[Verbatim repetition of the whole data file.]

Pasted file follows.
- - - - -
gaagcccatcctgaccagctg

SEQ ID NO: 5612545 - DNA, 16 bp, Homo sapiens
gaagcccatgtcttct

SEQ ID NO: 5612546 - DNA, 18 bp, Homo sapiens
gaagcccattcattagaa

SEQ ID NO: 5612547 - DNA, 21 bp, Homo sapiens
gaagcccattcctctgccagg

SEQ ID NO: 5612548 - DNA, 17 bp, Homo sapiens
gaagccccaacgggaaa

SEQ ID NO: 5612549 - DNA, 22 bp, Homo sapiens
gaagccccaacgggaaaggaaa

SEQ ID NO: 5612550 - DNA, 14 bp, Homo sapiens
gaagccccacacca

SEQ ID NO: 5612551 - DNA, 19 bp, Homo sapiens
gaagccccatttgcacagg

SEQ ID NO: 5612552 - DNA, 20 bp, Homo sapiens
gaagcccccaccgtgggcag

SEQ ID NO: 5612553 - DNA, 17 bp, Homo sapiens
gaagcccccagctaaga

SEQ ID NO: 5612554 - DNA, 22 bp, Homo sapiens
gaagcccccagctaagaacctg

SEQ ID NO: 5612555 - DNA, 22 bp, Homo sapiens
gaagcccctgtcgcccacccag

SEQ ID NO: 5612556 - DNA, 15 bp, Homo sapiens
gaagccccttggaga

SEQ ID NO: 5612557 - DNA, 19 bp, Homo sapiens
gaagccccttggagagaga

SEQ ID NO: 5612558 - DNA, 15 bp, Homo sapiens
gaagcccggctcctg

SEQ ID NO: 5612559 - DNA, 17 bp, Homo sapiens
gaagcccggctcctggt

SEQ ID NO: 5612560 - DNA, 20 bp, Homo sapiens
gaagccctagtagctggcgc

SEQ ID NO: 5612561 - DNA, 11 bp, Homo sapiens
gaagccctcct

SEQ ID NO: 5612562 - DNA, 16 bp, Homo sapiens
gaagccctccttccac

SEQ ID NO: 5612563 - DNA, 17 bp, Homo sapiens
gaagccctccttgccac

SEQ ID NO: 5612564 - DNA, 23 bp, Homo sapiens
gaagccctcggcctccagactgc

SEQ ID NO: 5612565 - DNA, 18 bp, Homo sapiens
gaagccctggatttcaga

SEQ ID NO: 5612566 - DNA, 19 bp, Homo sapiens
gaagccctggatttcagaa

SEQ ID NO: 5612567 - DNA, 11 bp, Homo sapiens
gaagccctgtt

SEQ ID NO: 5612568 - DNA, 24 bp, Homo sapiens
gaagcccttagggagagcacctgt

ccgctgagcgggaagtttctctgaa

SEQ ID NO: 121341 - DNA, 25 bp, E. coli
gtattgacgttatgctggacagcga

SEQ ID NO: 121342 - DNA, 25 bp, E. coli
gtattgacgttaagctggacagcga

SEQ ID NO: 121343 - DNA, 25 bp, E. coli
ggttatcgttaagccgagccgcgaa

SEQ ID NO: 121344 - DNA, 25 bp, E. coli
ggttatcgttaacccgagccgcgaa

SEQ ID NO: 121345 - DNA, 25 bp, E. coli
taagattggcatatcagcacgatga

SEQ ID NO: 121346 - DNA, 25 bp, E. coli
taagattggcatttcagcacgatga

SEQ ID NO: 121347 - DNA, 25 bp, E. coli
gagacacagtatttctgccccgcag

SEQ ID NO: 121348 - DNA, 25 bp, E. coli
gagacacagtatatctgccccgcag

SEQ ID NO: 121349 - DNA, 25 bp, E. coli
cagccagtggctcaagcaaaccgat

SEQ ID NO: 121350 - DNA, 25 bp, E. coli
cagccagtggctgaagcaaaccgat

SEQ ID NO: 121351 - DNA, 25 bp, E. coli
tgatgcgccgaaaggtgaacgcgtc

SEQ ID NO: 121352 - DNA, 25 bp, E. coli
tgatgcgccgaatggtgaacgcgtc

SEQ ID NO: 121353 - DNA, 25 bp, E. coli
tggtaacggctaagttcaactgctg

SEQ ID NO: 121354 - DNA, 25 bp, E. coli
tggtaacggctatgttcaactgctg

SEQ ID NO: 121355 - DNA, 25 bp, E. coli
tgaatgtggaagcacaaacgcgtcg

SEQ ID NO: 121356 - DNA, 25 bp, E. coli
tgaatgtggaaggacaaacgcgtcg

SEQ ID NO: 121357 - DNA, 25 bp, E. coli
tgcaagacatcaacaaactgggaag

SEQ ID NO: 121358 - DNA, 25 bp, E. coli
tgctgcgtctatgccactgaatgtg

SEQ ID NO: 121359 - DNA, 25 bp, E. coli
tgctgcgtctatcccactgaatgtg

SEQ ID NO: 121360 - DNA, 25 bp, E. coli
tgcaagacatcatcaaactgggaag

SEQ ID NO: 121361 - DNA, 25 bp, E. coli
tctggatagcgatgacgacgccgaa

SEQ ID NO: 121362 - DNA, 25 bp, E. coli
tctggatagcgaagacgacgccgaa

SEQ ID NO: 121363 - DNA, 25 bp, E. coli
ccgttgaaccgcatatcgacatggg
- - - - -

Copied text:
gaagcccatcctgaccagctg

SEQ ID NO: 5612545 - DNA, 16 bp, Homo sapiens
gaagcccatgtcttct

SEQ ID NO: 5612546 - DNA, 18 bp, Homo sapiens
gaagcccattcattagaa

SEQ ID NO: 5612547 - DNA, 21 bp, Homo sapiens
gaagcccattcctctgccagg

SEQ ID NO: 5612548 - DNA, 17 bp, Homo sapiens
gaagccccaacgggaaa

SEQ ID NO: 5612549 - DNA, 22 bp, Homo sapiens
gaagccccaacgggaaaggaaa

SEQ ID NO: 5612550 - DNA, 14 bp, Homo sapiens
gaagccccacacca

SEQ ID NO: 5612551 - DNA, 19 bp, Homo sapiens
gaagccccatttgcacagg

SEQ ID NO: 5612552 - DNA, 20 bp, Homo sapiens
gaagcccccaccgtgggcag

SEQ ID NO: 5612553 - DNA, 17 bp, Homo sapiens
gaagcccccagctaaga

SEQ ID NO: 5612554 - DNA, 22 bp, Homo sapiens
gaagcccccagctaagaacctg

SEQ ID NO: 5612555 - DNA, 22 bp, Homo sapiens
gaagcccctgtcgcccacccag

SEQ ID NO: 5612556 - DNA, 15 bp, Homo sapiens
gaagccccttggaga

SEQ ID NO: 5612557 - DNA, 19 bp, Homo sapiens
gaagccccttggagagaga

SEQ ID NO: 5612558 - DNA, 15 bp, Homo sapiens
gaagcccggctcctg

SEQ ID NO: 5612559 - DNA, 17 bp, Homo sapiens
gaagcccggctcctggt

SEQ ID NO: 5612560 - DNA, 20 bp, Homo sapiens
gaagccctagtagctggcgc

SEQ ID NO: 5612561 - DNA, 11 bp, Homo sapiens
gaagccctcct

SEQ ID NO: 5612562 - DNA, 16 bp, Homo sapiens
gaagccctccttccac

SEQ ID NO: 5612563 - DNA, 17 bp, Homo sapiens
gaagccctccttgccac

SEQ ID NO: 5612564 - DNA, 23 bp, Homo sapiens
gaagccctcggcctccagactgc

SEQ ID NO: 5612565 - DNA, 18 bp, Homo sapiens
gaagccctggatttcaga

SEQ ID NO: 5612566 - DNA, 19 bp, Homo sapiens
gaagccctggatttcagaa

SEQ ID NO: 5612567 - DNA, 11 bp, Homo sapiens
gaagccctgtt

SEQ ID NO: 5612568 - DNA, 24 bp, Homo sapiens
gaagcccttagggagagcacctgt

ccgctgagcgggaagtttctctgaa

SEQ ID NO: 121341 - DNA, 25 bp, E. coli
gtattgacgttatgctggacagcga

SEQ ID NO: 121342 - DNA, 25 bp, E. coli
gtattgacgttaagctggacagcga

SEQ ID NO: 121343 - DNA, 25 bp, E. coli
ggttatcgttaagccgagccgcgaa

SEQ ID NO: 121344 - DNA, 25 bp, E. coli
ggttatcgttaacccgagccgcgaa

SEQ ID NO: 121345 - DNA, 25 bp, E. coli
taagattggcatatcagcacgatga

SEQ ID NO: 121346 - DNA, 25 bp, E. coli
taagattggcatttcagcacgatga

SEQ ID NO: 121347 - DNA, 25 bp, E. coli
gagacacagtatttctgccccgcag

SEQ ID NO: 121348 - DNA, 25 bp, E. coli
gagacacagtatatctgccccgcag

SEQ ID NO: 121349 - DNA, 25 bp, E. coli
cagccagtggctcaagcaaaccgat

SEQ ID NO: 121350 - DNA, 25 bp, E. coli
cagccagtggctgaagcaaaccgat

SEQ ID NO: 121351 - DNA, 25 bp, E. coli
tgatgcgccgaaaggtgaacgcgtc

SEQ ID NO: 121352 - DNA, 25 bp, E. coli
tgatgcgccgaatggtgaacgcgtc

SEQ ID NO: 121353 - DNA, 25 bp, E. coli
tggtaacggctaagttcaactgctg

SEQ ID NO: 121354 - DNA, 25 bp, E. coli
tggtaacggctatgttcaactgctg

SEQ ID NO: 121355 - DNA, 25 bp, E. coli
tgaatgtggaagcacaaacgcgtcg

SEQ ID NO: 121356 - DNA, 25 bp, E. coli
tgaatgtggaaggacaaacgcgtcg

SEQ ID NO: 121357 - DNA, 25 bp, E. coli
tgcaagacatcaacaaactgggaag

SEQ ID NO: 121358 - DNA, 25 bp, E. coli
tgctgcgtctatgccactgaatgtg

SEQ ID NO: 121359 - DNA, 25 bp, E. coli
tgctgcgtctatcccactgaatgtg

SEQ ID NO: 121360 - DNA, 25 bp, E. coli
tgcaagacatcatcaaactgggaag

SEQ ID NO: 121361 - DNA, 25 bp, E. coli
tctggatagcgatgacgacgccgaa

SEQ ID NO: 121362 - DNA, 25 bp, E. coli
tctggatagcgaagacgacgccgaa

SEQ ID NO: 121363 - DNA, 25 bp, E. coli
ccgttgaaccgcatatcgacatggg